Most libertarians who engage in the global warming debate contend—vehemently—that anything short of “just saying no” to mainstream science and public policy to address climate risk is a gross violation of nearly every principle libertarians hold dear. An examination of the arguments forwarded by anti-warming libertarians, however, finds no trace of libertarian principle at all. While it’s perfectly fine for libertarians—or anyone else for that matter—to discuss climate change without reference to an ideological playbook, there is nothing within libertarian philosophy that adds weight to the Right’s reluctance to address climate risks. Let’s consider the arguments my libertarian friends are wont to offer in this debate.
The science does not justify addressing climate risks. It should go without saying that how one feels about individual rights and liberties has nothing to do with how one interprets the scientific literature regarding atmospheric physics. Consider a summary of the evidence for concern about warming from Reason’s science correspondent, Ronald Bailey (one of the few DC libertarians who takes climate change seriously), and presumably the best summary conservative Republicans in the Senate can muster for skepticism about the same (a summary no doubt drawing in part from information offered up by libertarian activists who disagree with Bailey). As my friend Sheldon Richman has argued, how does a commitment to liberty inform how one feels about who has the stronger argument?
Libertarians are free to referee the scientific debate in any manner they wish. They are not free, however, to argue that ideological priors should have anything to do with that call. The fact that the implications of climate change are politically uncomfortable should not color how libertarians assess the underlying science (a trait, historically speaking, more common amongst conservatives than libertarians).
Restricting greenhouse gas emissions will harm the economy and put tens of thousands of jobs at risk. Why would libertarian principle compel us to care? If party A is harming party B, the fact that party A will be poorer were they to cease and desist should be neither here nor there. This argument would not resonate with libertarians in other contexts, so why should it resonate here?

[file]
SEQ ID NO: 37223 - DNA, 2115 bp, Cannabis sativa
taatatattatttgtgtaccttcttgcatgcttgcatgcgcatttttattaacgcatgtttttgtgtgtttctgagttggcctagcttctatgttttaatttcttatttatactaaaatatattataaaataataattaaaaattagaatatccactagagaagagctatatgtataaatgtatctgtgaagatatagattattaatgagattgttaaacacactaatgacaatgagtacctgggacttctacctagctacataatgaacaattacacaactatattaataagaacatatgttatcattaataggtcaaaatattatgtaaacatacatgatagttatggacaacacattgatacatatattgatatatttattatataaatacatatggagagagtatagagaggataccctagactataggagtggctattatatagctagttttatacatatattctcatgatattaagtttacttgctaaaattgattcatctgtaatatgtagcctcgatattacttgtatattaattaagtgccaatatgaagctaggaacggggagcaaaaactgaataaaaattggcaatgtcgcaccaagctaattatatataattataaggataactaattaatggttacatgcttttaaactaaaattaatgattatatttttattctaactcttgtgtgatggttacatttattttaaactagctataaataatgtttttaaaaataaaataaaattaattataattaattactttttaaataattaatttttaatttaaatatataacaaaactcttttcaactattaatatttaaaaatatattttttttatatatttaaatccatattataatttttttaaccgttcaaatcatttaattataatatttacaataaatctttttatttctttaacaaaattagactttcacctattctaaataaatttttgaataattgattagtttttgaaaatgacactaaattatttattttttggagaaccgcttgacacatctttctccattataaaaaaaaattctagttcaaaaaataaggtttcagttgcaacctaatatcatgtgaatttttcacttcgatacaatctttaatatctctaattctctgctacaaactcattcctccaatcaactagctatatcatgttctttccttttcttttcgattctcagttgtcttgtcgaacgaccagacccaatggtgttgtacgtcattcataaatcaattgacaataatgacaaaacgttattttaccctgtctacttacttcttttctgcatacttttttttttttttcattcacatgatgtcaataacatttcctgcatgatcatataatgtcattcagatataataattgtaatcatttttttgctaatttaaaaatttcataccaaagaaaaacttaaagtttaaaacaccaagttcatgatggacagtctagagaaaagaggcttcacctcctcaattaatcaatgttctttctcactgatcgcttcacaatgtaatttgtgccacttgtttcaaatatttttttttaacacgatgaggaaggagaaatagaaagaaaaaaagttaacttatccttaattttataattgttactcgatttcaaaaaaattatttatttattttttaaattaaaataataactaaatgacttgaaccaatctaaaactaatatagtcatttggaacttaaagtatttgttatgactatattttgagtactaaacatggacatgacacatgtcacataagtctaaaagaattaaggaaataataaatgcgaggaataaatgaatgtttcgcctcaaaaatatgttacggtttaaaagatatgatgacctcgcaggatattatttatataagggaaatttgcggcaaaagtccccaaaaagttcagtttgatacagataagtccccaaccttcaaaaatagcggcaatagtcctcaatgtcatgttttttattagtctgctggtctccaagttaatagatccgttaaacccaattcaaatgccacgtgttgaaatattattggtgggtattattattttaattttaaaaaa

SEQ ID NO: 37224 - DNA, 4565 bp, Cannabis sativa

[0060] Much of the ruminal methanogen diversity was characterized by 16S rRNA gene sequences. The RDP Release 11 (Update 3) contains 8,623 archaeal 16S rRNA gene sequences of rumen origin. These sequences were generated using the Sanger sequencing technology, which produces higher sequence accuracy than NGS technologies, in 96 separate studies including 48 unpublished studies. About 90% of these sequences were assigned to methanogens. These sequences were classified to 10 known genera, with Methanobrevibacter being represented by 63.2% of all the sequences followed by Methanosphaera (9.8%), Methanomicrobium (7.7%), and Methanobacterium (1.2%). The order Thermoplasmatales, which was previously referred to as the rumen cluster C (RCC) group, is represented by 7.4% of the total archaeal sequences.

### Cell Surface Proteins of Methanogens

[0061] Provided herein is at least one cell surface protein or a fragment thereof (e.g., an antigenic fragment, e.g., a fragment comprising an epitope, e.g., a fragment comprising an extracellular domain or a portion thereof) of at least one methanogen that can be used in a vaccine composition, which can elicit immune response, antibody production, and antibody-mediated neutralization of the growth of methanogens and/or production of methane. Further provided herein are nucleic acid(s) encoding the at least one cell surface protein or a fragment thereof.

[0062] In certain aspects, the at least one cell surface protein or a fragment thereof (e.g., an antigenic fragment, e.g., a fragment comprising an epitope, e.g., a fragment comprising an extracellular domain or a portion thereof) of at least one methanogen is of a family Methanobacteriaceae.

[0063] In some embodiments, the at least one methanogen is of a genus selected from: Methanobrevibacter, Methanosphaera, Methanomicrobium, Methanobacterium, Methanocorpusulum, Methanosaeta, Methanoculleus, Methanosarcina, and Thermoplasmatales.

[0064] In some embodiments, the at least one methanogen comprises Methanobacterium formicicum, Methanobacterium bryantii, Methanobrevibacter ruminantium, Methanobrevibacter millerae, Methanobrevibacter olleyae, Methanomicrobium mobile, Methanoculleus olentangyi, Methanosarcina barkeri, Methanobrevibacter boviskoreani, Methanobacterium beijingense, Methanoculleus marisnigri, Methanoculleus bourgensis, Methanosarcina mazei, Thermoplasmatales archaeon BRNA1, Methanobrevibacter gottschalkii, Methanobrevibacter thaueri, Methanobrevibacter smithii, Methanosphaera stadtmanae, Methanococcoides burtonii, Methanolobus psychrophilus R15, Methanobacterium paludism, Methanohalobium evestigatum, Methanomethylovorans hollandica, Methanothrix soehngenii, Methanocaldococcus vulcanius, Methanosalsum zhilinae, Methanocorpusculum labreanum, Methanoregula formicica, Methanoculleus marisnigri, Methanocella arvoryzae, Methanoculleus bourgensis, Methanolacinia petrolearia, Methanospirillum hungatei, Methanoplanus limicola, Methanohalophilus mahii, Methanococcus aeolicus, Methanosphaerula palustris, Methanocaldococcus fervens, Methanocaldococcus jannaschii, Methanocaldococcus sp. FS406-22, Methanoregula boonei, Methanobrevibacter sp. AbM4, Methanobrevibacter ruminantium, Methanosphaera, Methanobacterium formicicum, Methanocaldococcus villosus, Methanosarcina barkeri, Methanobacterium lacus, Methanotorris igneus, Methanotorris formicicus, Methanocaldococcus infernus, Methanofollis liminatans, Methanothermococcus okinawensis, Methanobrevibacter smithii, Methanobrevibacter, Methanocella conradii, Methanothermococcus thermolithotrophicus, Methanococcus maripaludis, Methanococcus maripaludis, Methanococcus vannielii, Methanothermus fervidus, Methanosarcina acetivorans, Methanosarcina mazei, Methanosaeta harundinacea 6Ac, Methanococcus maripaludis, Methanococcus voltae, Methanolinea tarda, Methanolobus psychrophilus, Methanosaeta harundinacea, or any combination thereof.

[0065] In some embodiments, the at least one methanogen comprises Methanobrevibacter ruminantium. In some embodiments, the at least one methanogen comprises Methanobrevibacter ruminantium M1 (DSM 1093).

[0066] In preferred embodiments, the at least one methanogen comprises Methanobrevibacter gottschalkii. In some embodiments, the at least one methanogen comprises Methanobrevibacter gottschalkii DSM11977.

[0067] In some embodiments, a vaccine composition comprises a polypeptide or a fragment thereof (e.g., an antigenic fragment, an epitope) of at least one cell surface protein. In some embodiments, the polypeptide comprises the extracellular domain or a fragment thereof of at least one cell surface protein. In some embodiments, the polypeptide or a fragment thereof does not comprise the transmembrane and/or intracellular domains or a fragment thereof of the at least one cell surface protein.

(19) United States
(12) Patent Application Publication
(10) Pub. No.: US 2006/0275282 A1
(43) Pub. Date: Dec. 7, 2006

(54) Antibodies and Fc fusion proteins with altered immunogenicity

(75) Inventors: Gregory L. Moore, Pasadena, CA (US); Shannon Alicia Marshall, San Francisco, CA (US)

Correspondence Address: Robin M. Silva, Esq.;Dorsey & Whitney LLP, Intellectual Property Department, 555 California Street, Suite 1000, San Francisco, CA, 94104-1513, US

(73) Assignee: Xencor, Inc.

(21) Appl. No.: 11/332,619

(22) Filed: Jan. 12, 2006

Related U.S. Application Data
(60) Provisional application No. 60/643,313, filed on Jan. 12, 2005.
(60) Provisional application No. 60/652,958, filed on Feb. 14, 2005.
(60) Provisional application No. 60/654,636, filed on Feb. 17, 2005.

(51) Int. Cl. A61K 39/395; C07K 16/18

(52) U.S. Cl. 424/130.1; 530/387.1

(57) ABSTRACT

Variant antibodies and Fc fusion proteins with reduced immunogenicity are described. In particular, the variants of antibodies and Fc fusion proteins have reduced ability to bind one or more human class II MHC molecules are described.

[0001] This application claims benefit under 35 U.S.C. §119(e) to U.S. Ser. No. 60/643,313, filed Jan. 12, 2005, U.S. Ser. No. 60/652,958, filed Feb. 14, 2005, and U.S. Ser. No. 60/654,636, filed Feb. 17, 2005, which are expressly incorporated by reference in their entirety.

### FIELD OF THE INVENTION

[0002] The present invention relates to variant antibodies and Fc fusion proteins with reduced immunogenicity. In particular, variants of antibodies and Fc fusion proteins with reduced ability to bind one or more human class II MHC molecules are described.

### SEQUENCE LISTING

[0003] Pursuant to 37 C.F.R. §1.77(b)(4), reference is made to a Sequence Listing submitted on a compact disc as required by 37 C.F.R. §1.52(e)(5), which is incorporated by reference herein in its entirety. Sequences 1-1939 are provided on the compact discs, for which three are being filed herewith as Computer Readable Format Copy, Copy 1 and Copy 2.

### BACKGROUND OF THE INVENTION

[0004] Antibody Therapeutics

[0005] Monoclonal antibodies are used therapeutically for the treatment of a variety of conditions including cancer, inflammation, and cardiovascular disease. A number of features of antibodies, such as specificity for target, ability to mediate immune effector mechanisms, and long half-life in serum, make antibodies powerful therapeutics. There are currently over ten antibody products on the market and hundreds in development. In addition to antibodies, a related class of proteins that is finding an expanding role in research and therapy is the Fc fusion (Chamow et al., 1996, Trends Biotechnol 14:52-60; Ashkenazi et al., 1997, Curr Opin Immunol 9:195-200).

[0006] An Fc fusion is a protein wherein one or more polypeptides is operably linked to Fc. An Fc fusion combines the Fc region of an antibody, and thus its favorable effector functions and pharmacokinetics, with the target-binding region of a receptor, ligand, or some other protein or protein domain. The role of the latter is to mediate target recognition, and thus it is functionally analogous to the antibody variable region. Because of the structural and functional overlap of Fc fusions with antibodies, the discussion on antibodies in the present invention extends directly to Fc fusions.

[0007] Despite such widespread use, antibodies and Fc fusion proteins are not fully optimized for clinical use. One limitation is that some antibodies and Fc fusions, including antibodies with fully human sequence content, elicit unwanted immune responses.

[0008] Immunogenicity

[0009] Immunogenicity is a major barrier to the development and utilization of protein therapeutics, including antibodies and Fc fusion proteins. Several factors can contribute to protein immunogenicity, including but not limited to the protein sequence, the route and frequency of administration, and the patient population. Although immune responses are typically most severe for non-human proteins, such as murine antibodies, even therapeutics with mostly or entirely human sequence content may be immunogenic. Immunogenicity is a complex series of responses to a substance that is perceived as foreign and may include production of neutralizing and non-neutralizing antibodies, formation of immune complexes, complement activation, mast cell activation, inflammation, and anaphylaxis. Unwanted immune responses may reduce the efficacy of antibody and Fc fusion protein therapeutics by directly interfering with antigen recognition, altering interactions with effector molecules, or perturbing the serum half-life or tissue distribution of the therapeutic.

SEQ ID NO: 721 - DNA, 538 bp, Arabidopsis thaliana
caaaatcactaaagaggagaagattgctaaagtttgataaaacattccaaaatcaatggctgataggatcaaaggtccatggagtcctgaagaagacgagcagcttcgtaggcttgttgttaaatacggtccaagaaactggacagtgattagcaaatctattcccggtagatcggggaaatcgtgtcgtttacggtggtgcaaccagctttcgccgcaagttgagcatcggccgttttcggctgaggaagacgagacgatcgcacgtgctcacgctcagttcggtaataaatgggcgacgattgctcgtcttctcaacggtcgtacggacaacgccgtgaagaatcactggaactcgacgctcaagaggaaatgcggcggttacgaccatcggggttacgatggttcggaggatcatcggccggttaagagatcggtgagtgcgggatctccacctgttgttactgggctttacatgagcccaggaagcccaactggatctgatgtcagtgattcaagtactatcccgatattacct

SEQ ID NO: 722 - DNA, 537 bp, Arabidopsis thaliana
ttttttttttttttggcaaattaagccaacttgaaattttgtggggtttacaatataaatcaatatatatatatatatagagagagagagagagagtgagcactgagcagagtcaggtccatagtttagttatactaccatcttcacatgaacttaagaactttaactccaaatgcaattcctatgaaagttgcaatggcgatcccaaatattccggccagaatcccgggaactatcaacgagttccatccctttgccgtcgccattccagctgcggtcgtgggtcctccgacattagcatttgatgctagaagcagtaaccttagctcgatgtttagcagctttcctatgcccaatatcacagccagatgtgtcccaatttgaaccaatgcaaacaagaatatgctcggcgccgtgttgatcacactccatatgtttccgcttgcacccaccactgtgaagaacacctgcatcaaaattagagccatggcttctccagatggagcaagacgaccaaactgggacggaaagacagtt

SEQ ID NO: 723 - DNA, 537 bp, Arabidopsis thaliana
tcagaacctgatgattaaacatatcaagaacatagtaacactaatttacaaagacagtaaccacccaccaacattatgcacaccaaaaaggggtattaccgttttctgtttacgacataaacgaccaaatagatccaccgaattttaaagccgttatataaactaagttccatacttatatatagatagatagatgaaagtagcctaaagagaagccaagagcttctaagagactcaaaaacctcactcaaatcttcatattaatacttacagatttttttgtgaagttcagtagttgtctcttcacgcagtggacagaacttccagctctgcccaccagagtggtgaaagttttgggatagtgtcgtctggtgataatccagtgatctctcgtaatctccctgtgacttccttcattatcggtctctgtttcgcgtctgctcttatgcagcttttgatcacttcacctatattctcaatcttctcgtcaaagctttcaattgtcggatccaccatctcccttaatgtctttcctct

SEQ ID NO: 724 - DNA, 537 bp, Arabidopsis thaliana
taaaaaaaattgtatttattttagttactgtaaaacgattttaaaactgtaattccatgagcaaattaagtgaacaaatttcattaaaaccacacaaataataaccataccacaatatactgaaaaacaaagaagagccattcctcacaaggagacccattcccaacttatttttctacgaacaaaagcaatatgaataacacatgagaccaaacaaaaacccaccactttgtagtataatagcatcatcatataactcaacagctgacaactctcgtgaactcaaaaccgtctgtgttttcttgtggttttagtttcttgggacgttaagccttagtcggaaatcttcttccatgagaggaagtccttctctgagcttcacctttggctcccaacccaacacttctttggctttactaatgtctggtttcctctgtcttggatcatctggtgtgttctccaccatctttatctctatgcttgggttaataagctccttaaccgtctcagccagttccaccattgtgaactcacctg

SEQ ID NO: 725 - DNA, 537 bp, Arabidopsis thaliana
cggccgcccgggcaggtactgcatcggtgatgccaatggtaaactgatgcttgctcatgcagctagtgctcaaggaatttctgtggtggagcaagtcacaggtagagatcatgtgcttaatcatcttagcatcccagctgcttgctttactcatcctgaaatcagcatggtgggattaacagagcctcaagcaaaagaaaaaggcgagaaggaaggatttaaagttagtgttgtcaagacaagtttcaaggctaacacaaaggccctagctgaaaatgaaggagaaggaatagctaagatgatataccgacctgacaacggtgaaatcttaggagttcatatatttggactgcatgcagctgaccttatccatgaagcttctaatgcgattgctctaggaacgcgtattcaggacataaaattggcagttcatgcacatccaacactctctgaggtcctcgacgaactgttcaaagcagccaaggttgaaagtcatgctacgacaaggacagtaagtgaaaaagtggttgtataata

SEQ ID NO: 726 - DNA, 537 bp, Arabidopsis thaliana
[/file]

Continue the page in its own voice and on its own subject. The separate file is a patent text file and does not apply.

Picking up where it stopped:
Mitigating climate risks will produce fewer benefits than costs. Since when did libertarian principles dictate embracing utilitarian calculations in the course of deciding whether to protect property rights? If party A is harming party B, the contention that A gains more than B loses in the course of that transgression should not encourage libertarians to green-light rights violations.
Restricting greenhouse gas emissions will increase the size of government. According to libertarians, the purpose of government is to protect rights to life, liberty, property, and the pursuit of happiness. If greenhouse gas emissions infringe on those considerations (as they most assuredly do if the scientific consensus regarding climate change is correct), libertarian principles demand that government should act to enjoin those rights violations.
Future generations will be far wealthier and better positioned than we are to address climate change. If present generations are imposing costs on future generations, then this is an exercise in transferring wealth from the (relatively) rich people of the future to the (relatively) poor people of today. Why should libertarians embrace those wealth transfers when they are found to be objectionable in other contexts?
Environmentalists are trying to shut-down capitalism by controlling energy markets. To whatever extent this is true, it is neither here nor there lest libertarians wish to make ad hominem argumentation a matter of ideological principle. The underlying motives of some environmentalists in the climate debate have nothing to do with whether climate change is happening, whether it is caused by industrial emissions, or whether it is imposing significant harm or the risk of significant harm. Period.
It is unclear who has property rights in the atmosphere so there is no point in talking about rights violations associated with climate change. This is a sophisticated dodge but one that takes us down a rabbit hole. Are we to seriously entertain the idea that manufacturers “homesteaded” rights to the atmosphere during the industrial revolution? That would seem to run into John Locke’s admonition to “leave enough and as good for others when taking from the common.” If producers don’t have property rights to the atmosphere, that means they are either held by individuals or by the state. Given that it is impossible to imagine the former (at least, in any functioning manner), that leaves us with the latter. Accordingly, where exactly in libertarian philosophy is it written that it’s OK to destroy private property or put lives at risk as long as it’s done through the vehicle of the public commons?
I don’t mean to argue that libertarians should be taken to task for forwarding arguments outside of their ideological hymnals. One could make a strong argument, after all, that libertarians have little to offer to the environmental debate as libertarians. But if one wishes to carry the banner of “principle” in this conversation, those principles do not sit comfortably with the arguments forwarded by many self-described libertarians. And they certainly can’t be marshaled against those who maintain that some action to address climate change is necessary.